The ACC Value Index

The ACC Value Index

We live in an age when consumers rate everything from restaurants to toaster ovens and movies on Yelp, Trip Advisor, Netflix, and hundreds of other web sites.  In this environment, is inevitable that law firms too would be rated online.  In October 2009, the Association of Corporate Counsel introduced its Value Index, an online forum that ACC members use to share ratings of law firms.

From a project management perspective, the single most important fact about this index is that outside counsel are rated on these six factors:

  • Understands objectives/expectations
  • Responsiveness/communication
  • Legal expertise
  • Efficiency/process management
  • Predictable cost/budgeting skills
  • Results delivered/execution

Law firms that wish to increase client satisfaction would be wise to focus on these same six factors when they deliver services and when they evaluate them.

However, there has been controversy over the actual ratings in ACC's database.  Many law firms have been less than thrilled with the whole idea.   Around the time this was announced, an article entitled "ACC rating index unnerves firms" quoted Fred Krebs, then president of ACC, as saying "It's like a Zagat for law firms."  They also noted that "These words ... may well send a chill down the spine of many a private practice lawyer."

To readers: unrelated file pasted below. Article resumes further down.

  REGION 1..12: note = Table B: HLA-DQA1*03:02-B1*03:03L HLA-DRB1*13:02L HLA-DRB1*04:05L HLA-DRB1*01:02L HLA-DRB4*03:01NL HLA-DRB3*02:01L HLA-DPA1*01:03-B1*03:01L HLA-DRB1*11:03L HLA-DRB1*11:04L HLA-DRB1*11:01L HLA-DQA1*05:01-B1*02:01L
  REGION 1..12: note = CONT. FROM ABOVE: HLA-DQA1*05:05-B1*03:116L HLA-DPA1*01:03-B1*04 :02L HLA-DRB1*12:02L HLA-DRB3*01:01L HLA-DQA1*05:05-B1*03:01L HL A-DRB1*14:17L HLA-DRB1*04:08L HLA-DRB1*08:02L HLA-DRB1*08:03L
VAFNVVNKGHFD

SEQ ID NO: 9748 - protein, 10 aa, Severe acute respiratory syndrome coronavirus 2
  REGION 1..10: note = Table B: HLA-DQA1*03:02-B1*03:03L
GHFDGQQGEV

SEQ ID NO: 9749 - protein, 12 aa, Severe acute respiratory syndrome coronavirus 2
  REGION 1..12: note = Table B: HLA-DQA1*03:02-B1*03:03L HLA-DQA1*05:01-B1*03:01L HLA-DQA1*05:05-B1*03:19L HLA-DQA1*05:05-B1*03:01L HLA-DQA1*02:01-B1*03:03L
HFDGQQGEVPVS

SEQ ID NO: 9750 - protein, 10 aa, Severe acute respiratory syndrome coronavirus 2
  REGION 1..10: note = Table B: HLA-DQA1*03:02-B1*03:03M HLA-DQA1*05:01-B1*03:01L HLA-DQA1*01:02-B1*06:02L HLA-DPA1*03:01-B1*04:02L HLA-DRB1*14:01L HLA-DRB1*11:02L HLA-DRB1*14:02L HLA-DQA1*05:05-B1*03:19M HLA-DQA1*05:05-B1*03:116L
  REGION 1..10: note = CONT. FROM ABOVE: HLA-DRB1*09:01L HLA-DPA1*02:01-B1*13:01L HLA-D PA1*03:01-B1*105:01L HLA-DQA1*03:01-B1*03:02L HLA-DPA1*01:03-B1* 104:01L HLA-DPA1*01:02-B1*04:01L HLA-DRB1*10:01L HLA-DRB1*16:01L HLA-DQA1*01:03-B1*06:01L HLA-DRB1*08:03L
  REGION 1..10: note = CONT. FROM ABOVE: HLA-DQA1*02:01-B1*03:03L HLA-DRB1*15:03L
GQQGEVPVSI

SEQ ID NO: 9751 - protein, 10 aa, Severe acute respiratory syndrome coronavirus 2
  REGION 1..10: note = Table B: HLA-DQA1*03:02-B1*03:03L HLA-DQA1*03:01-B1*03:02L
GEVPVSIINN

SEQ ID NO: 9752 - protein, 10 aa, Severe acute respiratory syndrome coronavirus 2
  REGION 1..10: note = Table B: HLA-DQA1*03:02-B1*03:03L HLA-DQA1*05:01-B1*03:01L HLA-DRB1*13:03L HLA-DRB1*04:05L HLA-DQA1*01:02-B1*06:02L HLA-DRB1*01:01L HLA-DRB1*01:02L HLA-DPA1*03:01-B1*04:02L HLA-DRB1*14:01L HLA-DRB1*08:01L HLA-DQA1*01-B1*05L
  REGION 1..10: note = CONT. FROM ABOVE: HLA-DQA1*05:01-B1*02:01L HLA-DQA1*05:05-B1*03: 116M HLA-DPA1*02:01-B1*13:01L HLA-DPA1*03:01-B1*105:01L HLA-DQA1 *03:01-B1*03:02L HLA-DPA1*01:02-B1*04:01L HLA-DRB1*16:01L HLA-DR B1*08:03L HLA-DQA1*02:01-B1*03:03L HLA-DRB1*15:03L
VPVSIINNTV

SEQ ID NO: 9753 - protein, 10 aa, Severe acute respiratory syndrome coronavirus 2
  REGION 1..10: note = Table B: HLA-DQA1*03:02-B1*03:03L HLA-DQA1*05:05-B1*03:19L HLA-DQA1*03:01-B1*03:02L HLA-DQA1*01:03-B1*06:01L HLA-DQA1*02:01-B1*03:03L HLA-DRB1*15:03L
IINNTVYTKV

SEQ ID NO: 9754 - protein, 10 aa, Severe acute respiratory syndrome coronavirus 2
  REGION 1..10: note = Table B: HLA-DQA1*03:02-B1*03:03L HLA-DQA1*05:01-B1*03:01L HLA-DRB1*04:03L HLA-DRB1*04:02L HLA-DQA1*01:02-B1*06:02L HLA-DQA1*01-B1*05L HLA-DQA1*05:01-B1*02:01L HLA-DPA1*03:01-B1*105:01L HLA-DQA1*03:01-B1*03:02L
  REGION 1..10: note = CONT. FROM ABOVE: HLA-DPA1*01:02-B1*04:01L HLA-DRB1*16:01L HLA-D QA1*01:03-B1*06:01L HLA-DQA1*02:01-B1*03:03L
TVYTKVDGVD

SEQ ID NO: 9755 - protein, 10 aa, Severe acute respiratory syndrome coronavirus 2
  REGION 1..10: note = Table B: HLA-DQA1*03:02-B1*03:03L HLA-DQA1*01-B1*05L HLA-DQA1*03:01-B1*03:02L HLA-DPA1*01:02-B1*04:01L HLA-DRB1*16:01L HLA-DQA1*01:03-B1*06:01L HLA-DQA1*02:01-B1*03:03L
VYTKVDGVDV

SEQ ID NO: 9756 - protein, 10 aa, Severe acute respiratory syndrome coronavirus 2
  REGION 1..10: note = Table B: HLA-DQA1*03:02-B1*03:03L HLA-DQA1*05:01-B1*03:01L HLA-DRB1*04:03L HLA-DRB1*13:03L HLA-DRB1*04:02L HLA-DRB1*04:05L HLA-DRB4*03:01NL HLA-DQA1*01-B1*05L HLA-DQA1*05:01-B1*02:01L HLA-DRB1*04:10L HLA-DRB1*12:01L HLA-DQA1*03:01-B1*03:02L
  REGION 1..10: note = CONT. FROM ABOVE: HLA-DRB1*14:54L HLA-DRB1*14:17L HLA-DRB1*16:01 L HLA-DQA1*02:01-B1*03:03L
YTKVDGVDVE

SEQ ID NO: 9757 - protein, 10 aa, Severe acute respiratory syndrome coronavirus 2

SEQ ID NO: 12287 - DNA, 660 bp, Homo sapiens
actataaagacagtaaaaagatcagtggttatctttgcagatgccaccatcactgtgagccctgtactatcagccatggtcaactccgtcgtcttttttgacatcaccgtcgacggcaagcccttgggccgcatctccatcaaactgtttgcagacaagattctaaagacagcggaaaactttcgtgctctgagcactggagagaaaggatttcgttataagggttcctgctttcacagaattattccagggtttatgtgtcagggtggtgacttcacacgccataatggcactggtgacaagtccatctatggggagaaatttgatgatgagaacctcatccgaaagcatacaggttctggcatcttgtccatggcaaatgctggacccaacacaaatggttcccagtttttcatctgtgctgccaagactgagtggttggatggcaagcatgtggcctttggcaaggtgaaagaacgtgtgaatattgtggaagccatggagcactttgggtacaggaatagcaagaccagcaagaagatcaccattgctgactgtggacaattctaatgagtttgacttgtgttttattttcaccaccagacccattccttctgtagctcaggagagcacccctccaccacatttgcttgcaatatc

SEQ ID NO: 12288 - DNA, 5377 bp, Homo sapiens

As of the date I wrote this post, the ACC web page summarized 4,787 reviews of 1,251 firms.  On the six factors above, the average rating was 4.4 on a scale from 1=Poor to 5=Excellent.  When asked "Would you use this firm again?" 92.8%  of respondents said yes.

One concern raised by law firms is their lack of access to the ratings.  According to a set of FAQs on the ACC web page, "Law firms cannot view complete evaluations without express permission from the members who submitted them."  There are, however, ways for firms to view "aggregated scores," which are explained in the FAQs.

By their nature, online ratings are based on biased samples from people who care enough to take the time to respond.  According to a recent Scientific American article, online reviewers:

evangelize what they love and trash things they hate. These feelings lead to a lot of one- and five-star reviews of the same product. 

The result, according to research from the Wharton School, is that for online ratings:

the wisdom of crowds may neither be wise nor necessarily made by a crowd.  Its judgments are inaccurate at best, fraudulent at worst.

Others argue that online reviews provide valuable information.  The appeal of such systems is obvious to anyone who has ever bought a book on Amazon.

Personally, I am skeptical of the value of online ratings, but I use Amazon ratings and others all the time to decide what to buy, simply because they are so convenient.  I try to remember take the extreme ratings - pro or con - with a large grain of salt.  Law firms can only hope that their clients will take this same cautious approach.

This post was adapted from the second edition of my Legal Project Management Quick Reference Guide.

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